Goat’s milk is a deceptive ingredient. It looks and smells horrid when you mix it with the lye but it makes a beautiful creamy soap that is super mild. I’ve added a dash of chamomile and lavender essential oils here as both are safe to use on sensitive skin.
- 300 g (12 oz) coconut oil
- 50 g (2 oz ) cocoa butter
- 600 g (24 oz) olive oil
- 50 g (2 oz) avocado oil
- 165 g (6 oz) spring or distilled water
- 165 g (6 oz) full-fat goat’s milk
- 142 g (5½ oz) sodium hydroxide
- A handful of calendula petals
- 2.5 ml (½ tsp) Roman camomile
- 2.5 ml (½ tsp) lavender
- Superfatted at 5%
1 – Weigh the coconut oil and cocoa butter, chop into small chunks and put in a plastic bucket. Weigh and add the olive and avocado oils. Measure out the essential oils and blend them together.
2 –Put on your rubber gloves and goggles. Weigh the water in a plastic bucket and the goat’s milk in a jug and mix together in the bucket. Weigh the sodium hydroxide in a jug.
3 – In a well-ventilated area and wearing gloves, mask and goggles, pour the sodium hydroxide into the water and milk mixture and stir with a long-handled, stainless steel spoon until dissolved. The goat’s milk may curdle and turn yellow. It will also throw off fumes that smell of ammonia but continue stirring and keep your mask on. When the mixture is as even as you can get it, set aside. Remove mask.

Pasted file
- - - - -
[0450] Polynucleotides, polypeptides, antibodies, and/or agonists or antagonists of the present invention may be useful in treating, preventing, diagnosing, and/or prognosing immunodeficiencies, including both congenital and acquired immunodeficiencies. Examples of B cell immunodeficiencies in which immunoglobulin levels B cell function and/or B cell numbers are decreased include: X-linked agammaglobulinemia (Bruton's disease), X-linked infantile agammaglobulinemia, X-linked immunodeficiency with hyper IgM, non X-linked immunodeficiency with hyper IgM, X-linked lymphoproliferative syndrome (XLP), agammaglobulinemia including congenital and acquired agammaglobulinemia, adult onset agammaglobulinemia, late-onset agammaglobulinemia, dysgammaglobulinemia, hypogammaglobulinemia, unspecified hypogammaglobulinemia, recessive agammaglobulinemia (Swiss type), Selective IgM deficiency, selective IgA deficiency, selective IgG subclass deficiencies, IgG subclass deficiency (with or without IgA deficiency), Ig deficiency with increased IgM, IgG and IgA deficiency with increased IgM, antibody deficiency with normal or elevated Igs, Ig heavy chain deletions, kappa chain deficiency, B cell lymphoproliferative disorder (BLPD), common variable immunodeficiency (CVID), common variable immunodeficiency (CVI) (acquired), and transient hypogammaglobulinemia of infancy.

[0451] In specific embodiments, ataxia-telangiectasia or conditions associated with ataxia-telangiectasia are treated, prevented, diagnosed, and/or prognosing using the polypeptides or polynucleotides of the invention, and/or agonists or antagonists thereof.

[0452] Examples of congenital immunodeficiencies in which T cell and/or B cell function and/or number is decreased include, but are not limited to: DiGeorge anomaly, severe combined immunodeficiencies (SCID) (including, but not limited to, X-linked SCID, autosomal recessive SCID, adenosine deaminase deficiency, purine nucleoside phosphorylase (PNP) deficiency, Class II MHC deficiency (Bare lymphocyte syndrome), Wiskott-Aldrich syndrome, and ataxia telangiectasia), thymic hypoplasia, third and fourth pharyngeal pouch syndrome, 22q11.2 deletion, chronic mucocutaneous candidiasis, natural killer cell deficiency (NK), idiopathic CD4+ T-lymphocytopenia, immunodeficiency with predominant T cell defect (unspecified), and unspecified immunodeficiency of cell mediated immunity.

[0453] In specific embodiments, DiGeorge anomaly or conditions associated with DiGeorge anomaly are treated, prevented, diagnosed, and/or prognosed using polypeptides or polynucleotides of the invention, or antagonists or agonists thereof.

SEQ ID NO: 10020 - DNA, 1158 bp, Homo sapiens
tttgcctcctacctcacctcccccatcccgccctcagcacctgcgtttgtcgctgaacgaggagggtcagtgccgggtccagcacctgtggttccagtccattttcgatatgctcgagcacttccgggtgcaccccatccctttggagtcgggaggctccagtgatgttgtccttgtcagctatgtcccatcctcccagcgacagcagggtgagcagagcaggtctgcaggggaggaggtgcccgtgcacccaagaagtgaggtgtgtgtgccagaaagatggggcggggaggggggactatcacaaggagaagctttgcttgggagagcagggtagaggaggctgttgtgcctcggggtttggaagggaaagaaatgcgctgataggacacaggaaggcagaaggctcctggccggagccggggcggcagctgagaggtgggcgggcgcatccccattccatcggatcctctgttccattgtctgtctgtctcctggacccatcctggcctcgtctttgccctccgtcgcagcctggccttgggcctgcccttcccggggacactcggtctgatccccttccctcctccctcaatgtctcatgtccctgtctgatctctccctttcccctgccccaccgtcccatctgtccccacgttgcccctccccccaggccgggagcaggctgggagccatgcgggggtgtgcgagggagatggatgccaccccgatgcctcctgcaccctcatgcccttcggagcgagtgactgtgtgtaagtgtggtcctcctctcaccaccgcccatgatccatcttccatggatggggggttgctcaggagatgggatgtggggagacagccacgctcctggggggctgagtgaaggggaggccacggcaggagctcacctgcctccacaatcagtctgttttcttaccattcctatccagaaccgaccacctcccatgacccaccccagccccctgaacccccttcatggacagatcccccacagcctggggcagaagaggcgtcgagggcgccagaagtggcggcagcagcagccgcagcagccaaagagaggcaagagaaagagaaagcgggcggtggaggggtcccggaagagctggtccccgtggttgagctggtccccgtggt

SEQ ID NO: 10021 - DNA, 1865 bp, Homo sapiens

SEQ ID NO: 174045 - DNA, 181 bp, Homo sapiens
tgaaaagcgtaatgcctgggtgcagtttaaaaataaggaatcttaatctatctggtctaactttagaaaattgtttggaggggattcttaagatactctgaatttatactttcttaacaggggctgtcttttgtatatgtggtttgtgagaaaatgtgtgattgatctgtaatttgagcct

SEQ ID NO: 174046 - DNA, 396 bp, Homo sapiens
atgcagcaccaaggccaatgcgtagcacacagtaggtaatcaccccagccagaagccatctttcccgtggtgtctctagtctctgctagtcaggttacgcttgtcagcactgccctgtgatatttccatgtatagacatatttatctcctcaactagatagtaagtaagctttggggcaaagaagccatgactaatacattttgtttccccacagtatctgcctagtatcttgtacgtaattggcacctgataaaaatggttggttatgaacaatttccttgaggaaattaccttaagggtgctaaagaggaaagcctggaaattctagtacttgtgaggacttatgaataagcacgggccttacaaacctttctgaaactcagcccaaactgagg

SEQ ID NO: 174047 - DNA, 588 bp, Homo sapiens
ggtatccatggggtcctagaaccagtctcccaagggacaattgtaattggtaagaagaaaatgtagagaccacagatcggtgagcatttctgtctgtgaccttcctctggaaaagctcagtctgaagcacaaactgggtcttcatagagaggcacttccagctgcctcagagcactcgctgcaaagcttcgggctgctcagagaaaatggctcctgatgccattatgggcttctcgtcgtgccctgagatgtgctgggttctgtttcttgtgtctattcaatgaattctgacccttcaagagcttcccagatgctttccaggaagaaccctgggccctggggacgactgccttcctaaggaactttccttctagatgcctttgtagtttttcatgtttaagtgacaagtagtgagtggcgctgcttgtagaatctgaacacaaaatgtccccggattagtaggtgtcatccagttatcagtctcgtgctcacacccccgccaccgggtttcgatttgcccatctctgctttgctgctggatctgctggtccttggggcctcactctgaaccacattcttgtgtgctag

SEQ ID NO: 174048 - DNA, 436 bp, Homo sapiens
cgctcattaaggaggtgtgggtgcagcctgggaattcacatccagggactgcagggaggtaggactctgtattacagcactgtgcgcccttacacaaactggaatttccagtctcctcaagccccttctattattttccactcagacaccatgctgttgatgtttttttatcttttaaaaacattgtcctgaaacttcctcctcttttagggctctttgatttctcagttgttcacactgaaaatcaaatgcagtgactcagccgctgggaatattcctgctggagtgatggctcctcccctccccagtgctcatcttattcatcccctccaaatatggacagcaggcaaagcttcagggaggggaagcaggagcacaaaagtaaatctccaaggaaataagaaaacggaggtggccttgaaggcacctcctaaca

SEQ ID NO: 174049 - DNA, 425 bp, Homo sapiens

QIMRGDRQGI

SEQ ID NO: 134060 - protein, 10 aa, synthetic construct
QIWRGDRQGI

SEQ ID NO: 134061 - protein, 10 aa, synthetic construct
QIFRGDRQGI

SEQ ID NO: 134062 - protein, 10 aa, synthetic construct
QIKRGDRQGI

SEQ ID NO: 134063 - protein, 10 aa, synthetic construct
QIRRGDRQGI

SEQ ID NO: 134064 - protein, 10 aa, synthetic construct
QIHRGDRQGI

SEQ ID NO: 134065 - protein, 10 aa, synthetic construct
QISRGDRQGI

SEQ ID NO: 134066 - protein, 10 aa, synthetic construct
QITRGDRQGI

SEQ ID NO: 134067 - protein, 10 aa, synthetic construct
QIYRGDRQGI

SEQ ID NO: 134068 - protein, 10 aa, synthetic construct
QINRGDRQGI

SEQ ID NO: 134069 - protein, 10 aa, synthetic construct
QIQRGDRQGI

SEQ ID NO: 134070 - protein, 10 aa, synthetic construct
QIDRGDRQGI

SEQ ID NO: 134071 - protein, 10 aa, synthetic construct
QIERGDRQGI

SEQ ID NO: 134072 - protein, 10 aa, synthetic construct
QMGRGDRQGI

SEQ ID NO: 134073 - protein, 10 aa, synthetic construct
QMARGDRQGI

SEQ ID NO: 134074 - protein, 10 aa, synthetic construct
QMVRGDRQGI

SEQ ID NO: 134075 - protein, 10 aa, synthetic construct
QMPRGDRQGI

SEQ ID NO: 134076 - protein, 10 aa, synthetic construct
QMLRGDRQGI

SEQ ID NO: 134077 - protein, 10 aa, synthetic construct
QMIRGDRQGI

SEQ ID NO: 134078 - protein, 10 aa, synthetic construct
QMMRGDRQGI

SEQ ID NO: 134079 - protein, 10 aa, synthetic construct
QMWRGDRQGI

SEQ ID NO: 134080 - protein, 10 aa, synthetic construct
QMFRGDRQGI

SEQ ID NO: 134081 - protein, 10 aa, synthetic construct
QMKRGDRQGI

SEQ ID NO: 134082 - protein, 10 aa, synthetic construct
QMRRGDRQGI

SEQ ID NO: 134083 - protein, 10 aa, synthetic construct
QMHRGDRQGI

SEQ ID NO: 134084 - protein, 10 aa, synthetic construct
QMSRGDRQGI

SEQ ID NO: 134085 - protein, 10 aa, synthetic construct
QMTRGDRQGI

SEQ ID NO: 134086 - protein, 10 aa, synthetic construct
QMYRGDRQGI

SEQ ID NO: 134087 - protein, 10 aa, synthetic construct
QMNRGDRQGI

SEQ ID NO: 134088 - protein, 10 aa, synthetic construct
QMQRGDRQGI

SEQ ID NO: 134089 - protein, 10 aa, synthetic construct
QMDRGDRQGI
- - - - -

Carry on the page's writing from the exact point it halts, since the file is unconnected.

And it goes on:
4 – Pour the caustic solution into the oils. Stir manually until the fats and oils have dissolved and then bring the soap to a light trace using a stick blender. Add the essential oil blend and stir thoroughly.
5 – Sprinkle in the calendula petals – the amount you use is not critical, just enough to make the soap look pretty. Mix in thoroughly with a spoon and pour into a prepared 1½ kg (3 lb) mould.
6 – Leave the soap to set for approximately 48 hours or until it has reached a ‘hard cheese’ consistency. Turn out of the mould and cut into bars. Cure the bars for four to six weeks before use.